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Mexico Privately Hoped to “Put to Bed” Tensions Raised by Snowden Leaks

October 24, 2013
Pena-350

Napolitano and Peña discussed the Snowden leaks amid border security talks in July.

This post was co-authored by Michael Evans and Jesse Franzblau and was first published on Migration Declassified.

Just three months ago, Mexico wanted to “put to bed” bilateral tensions arising from the leak of sensitive intelligence information indicating that the U.S. National Security Agency (NSA) spied on Mexican citizens. The new information was discovered by the non-governmental National Security Archive among a set of declassified briefing papers prepared for Janet Napolitano, then secretary of the U.S. Department of Homeland Security (DHS), in advance of her July 2013 meetings with President Enrique Peña Nieto and other Mexican officials.

The document comes just a few days after the latest disclosures from a cache of secret documents leaked to journalists by former NSA contractor Edward Snowden earlier this year. On Sunday, the German magazine Der Spiegel reported that in 2010 the NSA succeeded in accessing the email account of Mexican president Felipe Calderón (2006-2012). In the days since these latest revelations, the Mexican government has sharpened its rhetoric considerably in opposition to the NSA spying program.

The first Snowden leaks involving Mexico came in July, just a couple of weeks before Napolitano’s visit. On July 9, the Brazilian newspaper O Globo disclosed a vast array of U.S. espionage operations in Latin America, including those targeting the emails and online chats of Mexican citizens to gather information on the Mexican energy industry and the drug trade. At the time, Mexico’s response was mild compared to other countries named as targets for intelligence collection. The foreign ministry said it was seeking “broad information on this matter” from the U.S. government.

Napolitano was the first U.S. cabinet official to visit Mexico after the espionage disclosures hit the press in early July and was given a set of “White House talking points” on how to address the issue in her meeting with President Peña Nieto. Those talking points have not been disclosed.

Mexico’s readiness to move beyond the Snowden issue likely reflected its interest in addressing other policy issues, notably U.S. immigration policy and Mexico’s security infrastructure along both its northern and southern borders, themes found throughout the packet of briefing papers provided in response to the Archive’s Freedom of Information Act request.

In September, journalist Glenn Greenwald published additional documents highlighting NSA eavesdropping on Peña Nieto himself, at a time when he was the leading candidate to succeed Calderón as president.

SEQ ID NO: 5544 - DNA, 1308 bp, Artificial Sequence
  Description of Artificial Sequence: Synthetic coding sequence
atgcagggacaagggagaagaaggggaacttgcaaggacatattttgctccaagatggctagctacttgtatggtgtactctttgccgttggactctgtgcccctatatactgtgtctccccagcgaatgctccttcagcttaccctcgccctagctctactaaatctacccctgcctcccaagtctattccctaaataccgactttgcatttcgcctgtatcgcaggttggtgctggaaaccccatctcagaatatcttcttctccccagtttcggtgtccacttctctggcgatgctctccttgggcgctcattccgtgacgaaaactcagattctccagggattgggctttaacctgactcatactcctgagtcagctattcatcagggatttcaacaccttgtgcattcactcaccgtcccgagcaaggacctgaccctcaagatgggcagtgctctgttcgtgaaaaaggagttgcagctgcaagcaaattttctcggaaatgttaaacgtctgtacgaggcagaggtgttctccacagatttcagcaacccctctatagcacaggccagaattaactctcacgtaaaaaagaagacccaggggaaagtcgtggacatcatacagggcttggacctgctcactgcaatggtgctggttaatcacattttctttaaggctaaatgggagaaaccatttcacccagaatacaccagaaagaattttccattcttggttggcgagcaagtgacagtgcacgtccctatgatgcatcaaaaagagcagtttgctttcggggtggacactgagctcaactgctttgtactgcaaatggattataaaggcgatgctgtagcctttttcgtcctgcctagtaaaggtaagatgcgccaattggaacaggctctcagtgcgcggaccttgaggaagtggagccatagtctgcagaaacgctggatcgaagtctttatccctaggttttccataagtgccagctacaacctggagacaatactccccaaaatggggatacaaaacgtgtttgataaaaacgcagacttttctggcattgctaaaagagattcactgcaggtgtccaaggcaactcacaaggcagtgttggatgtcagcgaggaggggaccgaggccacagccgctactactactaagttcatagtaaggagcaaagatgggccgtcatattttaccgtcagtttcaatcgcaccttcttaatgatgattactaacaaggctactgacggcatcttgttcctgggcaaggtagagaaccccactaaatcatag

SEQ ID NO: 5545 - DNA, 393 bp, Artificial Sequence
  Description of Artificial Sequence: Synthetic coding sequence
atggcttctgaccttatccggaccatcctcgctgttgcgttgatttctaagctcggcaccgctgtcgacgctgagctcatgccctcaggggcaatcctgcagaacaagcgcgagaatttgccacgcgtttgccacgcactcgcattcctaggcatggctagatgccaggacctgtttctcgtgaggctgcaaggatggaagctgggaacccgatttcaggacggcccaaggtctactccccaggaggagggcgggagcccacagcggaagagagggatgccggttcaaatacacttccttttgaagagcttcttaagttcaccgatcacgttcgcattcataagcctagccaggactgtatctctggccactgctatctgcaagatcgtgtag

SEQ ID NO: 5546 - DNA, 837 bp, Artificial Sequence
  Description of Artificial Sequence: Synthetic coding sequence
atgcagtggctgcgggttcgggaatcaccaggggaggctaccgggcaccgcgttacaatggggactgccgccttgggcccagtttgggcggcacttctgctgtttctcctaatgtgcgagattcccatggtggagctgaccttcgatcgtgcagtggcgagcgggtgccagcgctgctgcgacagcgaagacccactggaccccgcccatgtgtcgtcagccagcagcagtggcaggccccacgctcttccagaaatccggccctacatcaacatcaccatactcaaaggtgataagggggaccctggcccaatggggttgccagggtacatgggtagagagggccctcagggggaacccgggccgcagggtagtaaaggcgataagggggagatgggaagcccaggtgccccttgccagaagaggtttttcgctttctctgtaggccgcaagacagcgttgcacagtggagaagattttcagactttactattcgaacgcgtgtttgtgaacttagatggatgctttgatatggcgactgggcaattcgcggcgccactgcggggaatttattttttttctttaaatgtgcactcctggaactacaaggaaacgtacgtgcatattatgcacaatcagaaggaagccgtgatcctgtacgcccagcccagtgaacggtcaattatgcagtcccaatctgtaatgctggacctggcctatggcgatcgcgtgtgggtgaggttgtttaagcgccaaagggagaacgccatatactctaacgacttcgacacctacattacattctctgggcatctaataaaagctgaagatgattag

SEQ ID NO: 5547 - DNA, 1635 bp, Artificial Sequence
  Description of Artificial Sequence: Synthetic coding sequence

Until recently, the Peña Nieto government’s response to the leaks has been considerably more muted than that of other foreign leaders reportedly targeted by the NSA. Brazilian president Dilma Rousseff has been notably more outspoken in her condemnation of the reported spying in her country and cancelled a state visit to the United States after the disclosure of massive NSA collection of Brazilian communications traffic, including Rousseff’s personal accounts.

Now Peña says he will launch an investigation into U.S. espionage activities in Mexico, and Mexico’s secretary of foreign affairs, José Antonio Meade, has said that U.S. President Barack Obama has also pledged to investigatethe matter. Meade has also summoned the U.S. Ambassador, Anthony Wayne, for the second time since the scandal came to light.

Former president Calderón has been less diplomatic than the current Mexican leader:

More than personal, it is an assault on the institutions of the country, given that it was done when I was the president… I will be following the steps the Foreign Ministry takes to demand explanations from the United States and the corresponding account of responsibility.

A somewhat different reaction came from former Mexican president Vicente Fox (2000-2006). In an interview with MVS Noticias, Fox said, “It’s nothing new that there is espionage among all the governments of the world, including Mexico. I don’t understand why now they declare themselves to be offended if [other countries] also have their intelligence, investigative and espionage agencies.”

The latest revelations offer considerably more detail on U.S. spying efforts in Mexico. Among other things, the NSA “has systematically infiltrated an entire computer network,” according to the Der Spiegel report, and in 2010 succeeded in hacking into the email accounts of Calderón and other top Mexican officials. The president’s office and staff had become “a lucrative source,” according to documents cited in the report. A 2009 spying operation called “Whitetamale” also unlocked the emails of officials from Mexico’s Public Security Secretariat, the ministry in charge of combating the drug trade and human trafficking.

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